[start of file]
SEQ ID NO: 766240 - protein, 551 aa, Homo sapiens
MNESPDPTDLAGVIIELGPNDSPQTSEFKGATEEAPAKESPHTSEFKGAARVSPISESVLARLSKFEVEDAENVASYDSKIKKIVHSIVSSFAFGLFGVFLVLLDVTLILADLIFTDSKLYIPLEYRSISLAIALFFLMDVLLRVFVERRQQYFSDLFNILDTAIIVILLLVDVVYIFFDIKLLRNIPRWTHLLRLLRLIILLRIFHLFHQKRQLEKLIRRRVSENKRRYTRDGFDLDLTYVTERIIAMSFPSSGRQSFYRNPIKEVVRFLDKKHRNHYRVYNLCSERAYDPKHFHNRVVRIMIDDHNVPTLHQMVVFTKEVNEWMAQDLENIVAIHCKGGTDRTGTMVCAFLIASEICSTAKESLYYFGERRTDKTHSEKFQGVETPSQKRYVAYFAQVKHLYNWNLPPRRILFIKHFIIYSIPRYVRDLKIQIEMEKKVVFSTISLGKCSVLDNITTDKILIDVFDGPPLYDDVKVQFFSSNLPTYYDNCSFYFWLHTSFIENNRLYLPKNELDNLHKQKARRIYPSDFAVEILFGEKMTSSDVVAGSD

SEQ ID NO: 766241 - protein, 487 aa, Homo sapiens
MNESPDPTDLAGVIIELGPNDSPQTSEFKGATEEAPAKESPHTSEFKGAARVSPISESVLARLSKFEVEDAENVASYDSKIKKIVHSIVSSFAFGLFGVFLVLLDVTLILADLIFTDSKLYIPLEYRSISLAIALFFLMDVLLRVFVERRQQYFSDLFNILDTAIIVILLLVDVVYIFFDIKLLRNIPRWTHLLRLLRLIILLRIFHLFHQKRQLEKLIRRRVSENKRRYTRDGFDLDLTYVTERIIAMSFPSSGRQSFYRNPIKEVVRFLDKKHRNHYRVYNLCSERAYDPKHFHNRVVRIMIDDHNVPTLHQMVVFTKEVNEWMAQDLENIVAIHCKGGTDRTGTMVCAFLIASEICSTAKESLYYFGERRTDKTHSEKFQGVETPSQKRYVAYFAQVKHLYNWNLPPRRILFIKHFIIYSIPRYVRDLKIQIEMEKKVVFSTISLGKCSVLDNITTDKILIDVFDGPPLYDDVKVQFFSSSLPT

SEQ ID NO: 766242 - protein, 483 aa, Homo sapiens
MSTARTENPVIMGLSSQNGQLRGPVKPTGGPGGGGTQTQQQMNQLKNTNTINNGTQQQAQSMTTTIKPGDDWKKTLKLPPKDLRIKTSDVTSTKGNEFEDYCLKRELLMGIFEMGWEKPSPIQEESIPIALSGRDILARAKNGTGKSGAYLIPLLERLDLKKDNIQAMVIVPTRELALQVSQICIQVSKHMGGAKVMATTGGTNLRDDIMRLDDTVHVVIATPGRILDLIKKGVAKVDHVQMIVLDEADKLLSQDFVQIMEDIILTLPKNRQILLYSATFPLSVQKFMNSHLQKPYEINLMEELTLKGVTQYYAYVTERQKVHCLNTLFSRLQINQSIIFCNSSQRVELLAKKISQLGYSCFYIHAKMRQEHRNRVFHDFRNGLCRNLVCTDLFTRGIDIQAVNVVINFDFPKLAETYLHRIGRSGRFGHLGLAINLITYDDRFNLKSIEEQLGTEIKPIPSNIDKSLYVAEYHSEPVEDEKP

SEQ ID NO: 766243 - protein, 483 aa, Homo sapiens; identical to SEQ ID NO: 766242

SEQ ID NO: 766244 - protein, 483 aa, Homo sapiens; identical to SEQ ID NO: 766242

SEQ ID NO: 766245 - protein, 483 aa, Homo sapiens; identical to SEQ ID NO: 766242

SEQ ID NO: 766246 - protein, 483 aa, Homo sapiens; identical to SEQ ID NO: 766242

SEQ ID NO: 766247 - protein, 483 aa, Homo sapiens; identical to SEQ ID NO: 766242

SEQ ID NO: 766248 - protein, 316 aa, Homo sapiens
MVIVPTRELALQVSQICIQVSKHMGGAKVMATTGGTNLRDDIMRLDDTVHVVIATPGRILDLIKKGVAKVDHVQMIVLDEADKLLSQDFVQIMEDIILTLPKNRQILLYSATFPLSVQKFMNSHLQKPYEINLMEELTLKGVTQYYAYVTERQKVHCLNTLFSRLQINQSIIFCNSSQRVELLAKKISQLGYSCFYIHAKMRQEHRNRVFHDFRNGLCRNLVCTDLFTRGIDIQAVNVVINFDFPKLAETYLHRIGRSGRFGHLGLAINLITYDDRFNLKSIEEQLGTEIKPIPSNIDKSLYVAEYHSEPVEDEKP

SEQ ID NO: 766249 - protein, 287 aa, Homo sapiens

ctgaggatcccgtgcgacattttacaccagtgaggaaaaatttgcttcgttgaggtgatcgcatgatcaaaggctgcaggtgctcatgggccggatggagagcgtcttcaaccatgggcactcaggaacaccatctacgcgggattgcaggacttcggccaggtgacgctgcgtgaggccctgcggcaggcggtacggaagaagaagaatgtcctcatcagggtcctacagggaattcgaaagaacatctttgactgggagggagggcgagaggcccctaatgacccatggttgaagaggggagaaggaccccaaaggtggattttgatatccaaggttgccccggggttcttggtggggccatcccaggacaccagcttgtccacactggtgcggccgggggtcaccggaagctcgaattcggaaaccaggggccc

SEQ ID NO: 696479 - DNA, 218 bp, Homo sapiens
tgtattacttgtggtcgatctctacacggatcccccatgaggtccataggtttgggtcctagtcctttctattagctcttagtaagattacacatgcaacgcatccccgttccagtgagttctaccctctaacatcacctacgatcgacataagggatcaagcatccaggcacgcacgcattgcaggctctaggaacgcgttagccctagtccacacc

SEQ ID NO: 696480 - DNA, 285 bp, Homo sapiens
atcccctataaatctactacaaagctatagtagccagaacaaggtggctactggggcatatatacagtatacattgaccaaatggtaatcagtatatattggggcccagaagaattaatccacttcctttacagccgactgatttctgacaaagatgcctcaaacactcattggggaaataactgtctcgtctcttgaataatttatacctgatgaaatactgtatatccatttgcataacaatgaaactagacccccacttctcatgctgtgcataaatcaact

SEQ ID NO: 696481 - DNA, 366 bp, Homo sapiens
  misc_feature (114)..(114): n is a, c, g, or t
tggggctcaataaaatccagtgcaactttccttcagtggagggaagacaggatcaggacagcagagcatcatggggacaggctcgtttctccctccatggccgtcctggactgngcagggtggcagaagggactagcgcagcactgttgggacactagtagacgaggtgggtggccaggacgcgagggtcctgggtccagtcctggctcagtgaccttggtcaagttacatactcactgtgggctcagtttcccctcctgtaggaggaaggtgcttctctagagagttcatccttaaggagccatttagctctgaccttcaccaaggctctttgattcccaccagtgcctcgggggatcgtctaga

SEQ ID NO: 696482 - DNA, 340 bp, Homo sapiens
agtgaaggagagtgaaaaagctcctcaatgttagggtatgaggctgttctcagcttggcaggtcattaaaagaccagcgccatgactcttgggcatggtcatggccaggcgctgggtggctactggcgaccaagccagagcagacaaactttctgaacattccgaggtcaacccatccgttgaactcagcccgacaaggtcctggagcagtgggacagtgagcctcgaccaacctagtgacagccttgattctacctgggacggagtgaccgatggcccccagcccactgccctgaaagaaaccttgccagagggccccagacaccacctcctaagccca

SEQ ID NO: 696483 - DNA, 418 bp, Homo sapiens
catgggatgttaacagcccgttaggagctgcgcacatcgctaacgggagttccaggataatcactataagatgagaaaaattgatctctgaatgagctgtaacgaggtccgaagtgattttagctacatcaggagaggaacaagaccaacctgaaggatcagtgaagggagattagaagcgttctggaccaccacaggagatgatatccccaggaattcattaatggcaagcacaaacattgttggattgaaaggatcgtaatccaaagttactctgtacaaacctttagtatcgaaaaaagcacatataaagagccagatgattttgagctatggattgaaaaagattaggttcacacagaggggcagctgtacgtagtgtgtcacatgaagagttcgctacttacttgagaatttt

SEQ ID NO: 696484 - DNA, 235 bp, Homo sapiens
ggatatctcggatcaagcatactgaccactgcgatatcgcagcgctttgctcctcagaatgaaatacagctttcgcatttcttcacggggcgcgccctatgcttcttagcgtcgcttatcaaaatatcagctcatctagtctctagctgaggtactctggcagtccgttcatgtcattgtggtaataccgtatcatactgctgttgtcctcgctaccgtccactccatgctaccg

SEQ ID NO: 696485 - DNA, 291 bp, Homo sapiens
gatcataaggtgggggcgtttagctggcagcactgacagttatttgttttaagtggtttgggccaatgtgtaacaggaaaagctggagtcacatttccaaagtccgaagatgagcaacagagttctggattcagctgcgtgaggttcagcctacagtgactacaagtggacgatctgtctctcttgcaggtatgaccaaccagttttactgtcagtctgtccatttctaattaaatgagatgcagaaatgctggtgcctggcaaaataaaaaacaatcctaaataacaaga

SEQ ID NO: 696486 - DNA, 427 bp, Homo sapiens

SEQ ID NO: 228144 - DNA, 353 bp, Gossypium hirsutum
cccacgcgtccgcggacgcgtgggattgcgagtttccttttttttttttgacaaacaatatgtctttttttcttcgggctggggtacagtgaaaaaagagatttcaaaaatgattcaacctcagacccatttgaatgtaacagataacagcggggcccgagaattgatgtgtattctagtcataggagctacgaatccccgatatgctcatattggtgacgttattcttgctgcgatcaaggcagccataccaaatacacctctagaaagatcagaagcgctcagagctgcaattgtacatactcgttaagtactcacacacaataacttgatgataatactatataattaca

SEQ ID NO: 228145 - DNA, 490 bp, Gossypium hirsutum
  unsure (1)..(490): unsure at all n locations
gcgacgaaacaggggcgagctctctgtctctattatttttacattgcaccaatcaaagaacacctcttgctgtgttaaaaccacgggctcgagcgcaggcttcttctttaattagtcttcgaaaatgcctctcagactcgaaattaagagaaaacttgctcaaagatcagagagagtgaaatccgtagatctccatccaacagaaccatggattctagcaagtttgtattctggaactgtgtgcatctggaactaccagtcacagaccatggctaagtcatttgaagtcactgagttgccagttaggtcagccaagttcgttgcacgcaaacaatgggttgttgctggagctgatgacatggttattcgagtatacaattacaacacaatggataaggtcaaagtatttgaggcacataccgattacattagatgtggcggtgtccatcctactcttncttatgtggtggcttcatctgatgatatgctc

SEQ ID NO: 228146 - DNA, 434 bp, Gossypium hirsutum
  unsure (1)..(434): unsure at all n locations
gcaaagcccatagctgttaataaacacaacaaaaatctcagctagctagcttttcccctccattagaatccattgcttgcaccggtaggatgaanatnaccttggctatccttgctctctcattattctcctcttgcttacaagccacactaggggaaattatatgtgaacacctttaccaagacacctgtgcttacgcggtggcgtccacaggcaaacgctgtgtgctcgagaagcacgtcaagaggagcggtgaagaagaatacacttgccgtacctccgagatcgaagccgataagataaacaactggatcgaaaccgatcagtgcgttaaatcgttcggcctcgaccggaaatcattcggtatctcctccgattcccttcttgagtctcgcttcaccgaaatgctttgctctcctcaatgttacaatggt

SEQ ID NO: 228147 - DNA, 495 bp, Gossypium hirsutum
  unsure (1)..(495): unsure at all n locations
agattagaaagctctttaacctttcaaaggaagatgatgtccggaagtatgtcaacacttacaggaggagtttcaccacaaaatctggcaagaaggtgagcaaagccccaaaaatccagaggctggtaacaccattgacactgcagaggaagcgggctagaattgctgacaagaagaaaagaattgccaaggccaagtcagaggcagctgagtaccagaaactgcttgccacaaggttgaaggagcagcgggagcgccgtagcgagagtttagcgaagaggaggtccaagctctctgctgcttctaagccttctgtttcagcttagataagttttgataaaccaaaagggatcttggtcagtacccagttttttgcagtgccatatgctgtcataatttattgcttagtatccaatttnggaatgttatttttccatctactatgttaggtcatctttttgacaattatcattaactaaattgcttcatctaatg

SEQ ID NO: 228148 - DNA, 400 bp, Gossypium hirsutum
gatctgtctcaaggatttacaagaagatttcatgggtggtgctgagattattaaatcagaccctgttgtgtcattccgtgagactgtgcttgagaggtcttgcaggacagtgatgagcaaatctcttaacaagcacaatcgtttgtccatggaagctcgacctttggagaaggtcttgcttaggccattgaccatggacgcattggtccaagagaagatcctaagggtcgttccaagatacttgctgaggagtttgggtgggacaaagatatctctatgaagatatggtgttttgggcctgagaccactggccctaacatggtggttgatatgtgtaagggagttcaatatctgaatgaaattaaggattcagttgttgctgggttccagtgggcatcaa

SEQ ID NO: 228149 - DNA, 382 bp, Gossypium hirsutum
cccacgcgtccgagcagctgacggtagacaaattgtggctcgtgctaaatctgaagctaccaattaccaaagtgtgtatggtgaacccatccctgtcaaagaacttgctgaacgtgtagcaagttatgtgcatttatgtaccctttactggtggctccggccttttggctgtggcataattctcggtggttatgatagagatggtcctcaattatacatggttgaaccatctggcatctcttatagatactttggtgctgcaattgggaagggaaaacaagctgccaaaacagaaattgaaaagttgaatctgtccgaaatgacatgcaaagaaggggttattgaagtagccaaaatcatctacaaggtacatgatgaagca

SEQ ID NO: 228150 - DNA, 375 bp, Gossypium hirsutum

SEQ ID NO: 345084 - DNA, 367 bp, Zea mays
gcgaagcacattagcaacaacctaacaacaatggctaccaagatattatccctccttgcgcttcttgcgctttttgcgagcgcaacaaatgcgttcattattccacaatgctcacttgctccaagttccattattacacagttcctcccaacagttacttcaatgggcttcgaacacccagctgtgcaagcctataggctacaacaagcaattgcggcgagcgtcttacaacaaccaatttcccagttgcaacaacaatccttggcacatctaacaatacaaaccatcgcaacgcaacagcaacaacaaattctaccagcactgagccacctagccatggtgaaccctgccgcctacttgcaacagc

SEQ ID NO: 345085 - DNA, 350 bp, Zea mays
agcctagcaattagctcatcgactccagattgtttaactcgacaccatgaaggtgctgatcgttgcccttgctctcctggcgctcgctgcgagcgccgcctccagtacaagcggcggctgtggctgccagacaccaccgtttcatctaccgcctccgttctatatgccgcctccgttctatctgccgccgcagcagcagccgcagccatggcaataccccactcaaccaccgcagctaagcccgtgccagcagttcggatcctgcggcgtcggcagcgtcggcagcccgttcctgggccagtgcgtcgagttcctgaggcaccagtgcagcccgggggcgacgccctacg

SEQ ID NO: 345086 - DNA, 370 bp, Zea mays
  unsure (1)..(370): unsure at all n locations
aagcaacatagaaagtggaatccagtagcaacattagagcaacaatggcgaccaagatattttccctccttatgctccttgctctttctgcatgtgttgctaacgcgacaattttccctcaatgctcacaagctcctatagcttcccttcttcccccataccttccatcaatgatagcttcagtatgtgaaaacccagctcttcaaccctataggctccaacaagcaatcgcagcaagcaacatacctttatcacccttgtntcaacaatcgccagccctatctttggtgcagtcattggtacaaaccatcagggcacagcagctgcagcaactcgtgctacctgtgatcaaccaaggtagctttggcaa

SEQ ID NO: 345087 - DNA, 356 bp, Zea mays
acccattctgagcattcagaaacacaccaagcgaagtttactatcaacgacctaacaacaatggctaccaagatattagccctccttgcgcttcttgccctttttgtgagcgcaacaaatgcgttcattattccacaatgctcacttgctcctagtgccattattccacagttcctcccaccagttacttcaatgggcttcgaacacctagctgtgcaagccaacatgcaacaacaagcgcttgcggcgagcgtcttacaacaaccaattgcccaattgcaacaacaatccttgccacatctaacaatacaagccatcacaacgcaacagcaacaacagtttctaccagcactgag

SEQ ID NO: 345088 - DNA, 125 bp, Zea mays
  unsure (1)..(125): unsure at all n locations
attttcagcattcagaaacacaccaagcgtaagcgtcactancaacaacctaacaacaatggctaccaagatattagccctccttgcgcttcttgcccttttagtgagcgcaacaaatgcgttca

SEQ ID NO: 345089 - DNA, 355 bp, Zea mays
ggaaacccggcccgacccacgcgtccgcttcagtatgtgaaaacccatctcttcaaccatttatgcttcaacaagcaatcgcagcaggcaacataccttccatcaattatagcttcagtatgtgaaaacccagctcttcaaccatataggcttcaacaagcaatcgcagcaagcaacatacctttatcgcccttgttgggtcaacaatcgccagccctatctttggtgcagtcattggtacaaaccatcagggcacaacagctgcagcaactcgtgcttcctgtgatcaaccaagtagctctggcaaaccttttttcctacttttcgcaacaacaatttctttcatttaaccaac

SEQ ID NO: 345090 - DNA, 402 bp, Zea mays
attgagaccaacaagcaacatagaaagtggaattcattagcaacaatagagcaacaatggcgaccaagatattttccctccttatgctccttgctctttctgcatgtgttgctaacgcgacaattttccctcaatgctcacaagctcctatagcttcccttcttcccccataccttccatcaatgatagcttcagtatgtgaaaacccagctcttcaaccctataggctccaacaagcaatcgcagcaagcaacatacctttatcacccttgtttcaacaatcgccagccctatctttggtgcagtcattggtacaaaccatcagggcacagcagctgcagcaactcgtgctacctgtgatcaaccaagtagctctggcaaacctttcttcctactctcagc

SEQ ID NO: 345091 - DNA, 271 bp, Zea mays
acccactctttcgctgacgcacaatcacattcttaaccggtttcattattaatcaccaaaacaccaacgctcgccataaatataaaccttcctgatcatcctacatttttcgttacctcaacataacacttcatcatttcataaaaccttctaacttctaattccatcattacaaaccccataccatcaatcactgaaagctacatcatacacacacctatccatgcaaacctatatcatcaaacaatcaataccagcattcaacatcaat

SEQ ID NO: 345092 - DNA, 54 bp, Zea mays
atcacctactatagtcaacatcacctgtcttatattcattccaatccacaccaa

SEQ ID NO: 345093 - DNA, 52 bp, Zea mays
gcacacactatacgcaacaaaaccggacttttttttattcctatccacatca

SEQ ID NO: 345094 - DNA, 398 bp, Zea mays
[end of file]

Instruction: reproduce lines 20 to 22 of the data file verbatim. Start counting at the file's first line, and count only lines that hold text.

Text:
SEQ ID NO: 696481 - DNA, 366 bp, Homo sapiens
  misc_feature (114)..(114): n is a, c, g, or t
tggggctcaataaaatccagtgcaactttccttcagtggagggaagacaggatcaggacagcagagcatcatggggacaggctcgtttctccctccatggccgtcctggactgngcagggtggcagaagggactagcgcagcactgttgggacactagtagacgaggtgggtggccaggacgcgagggtcctgggtccagtcctggctcagtgaccttggtcaagttacatactcactgtgggctcagtttcccctcctgtaggaggaaggtgcttctctagagagttcatccttaaggagccatttagctctgaccttcaccaaggctctttgattcccaccagtgcctcgggggatcgtctaga